C.      Requirements and Constraints - Students should list and describe the criteria, constraints and priorities associated with the problem. on this page. The best criteria and constraints are usually quantitative. For instance, “can lift at least 200 grams” is a clearly criterion than “lifts a weight.”  These can also be determined by the needs of potential users of the design.

D.      Brainstormed Solutions and Developmental Design Sketches – at least three potential designs/ideas that were considered.  Students should include drawings with labels, measurements, and other useful details for viewers.

E.       Final Technical Drawing of the Selected Solution – this must be a multi-view drawing (on paper – scanned as a pdf – or in computer).  Students should include drawings with labels, measurements, and other useful details for viewers.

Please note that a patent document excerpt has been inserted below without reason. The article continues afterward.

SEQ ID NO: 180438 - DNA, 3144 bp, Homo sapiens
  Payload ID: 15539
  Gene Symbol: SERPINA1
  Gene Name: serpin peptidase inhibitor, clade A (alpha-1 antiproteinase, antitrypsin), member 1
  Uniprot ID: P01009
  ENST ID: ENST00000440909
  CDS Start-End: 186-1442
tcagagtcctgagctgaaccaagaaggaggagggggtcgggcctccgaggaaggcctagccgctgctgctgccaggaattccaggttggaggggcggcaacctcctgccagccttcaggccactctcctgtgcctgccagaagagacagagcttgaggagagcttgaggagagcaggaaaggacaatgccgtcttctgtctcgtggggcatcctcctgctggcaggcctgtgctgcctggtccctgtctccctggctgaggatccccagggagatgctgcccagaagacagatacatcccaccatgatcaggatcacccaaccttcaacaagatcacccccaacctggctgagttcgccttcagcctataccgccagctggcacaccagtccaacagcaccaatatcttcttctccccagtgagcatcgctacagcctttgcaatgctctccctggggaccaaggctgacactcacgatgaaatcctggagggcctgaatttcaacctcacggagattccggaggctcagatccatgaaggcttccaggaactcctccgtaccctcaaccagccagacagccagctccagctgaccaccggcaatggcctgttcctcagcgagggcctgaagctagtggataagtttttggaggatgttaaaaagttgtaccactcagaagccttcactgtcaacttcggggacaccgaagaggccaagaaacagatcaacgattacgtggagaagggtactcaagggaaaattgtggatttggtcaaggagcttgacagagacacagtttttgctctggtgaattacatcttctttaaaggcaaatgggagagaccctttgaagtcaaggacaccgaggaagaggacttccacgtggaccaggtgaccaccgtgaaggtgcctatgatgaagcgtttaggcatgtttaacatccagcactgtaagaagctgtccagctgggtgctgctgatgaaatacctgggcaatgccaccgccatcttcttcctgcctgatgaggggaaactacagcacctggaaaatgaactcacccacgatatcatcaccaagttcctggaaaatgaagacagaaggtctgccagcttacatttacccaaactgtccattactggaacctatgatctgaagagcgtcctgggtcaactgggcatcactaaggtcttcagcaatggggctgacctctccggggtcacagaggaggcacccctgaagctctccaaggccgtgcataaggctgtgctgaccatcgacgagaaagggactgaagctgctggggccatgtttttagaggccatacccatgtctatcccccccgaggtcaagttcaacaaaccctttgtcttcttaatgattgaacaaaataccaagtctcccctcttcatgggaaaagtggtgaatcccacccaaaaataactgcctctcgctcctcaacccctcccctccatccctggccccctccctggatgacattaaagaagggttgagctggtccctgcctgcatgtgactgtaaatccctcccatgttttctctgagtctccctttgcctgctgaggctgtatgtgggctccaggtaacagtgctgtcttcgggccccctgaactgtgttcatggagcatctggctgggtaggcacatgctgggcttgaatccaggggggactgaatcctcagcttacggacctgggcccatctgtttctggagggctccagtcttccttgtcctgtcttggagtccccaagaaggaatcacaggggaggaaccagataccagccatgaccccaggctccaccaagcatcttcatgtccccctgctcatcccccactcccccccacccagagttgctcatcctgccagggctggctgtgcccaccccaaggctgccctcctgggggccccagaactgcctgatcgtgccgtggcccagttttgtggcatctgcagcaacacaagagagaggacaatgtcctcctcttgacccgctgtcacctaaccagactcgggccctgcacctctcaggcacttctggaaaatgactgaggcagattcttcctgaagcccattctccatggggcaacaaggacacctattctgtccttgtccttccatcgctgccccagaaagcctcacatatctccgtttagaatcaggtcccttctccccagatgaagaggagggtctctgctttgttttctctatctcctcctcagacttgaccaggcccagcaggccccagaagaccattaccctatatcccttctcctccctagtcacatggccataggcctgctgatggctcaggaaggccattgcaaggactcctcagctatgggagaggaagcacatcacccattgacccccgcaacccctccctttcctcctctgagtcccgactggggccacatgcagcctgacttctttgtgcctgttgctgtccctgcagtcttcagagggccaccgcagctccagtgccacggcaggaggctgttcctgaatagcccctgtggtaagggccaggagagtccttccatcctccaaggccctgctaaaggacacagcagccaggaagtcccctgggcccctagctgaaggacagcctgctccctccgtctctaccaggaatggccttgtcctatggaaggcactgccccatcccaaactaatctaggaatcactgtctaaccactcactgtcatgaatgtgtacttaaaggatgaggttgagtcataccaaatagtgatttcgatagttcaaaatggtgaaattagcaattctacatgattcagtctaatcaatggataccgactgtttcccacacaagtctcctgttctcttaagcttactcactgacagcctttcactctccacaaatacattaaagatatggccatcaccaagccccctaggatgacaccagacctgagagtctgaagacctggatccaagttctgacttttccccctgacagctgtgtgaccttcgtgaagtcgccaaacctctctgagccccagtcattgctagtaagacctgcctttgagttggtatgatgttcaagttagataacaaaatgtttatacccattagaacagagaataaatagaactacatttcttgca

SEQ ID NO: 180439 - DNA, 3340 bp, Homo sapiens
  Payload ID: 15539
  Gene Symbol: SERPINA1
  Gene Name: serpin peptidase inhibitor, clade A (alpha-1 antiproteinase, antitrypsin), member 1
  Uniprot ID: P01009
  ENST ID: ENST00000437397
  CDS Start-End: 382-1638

F.       Budget - an itemized list of supplies and associated project costs, not to exceed $2,000, needed for building the prototype (which must be small enough for standard shipping to Washington, DC - which is a constraint).

G.     Implementation Plan and Timeline for Building the Prototype.

5.    Project Abstract

Application Timeline and Link to Online Platform
The online application system will open no later than Thursday, September 24, 2015 and will close on Friday, October 23, 2015.   Students may access the application platform at: 

Judging and Award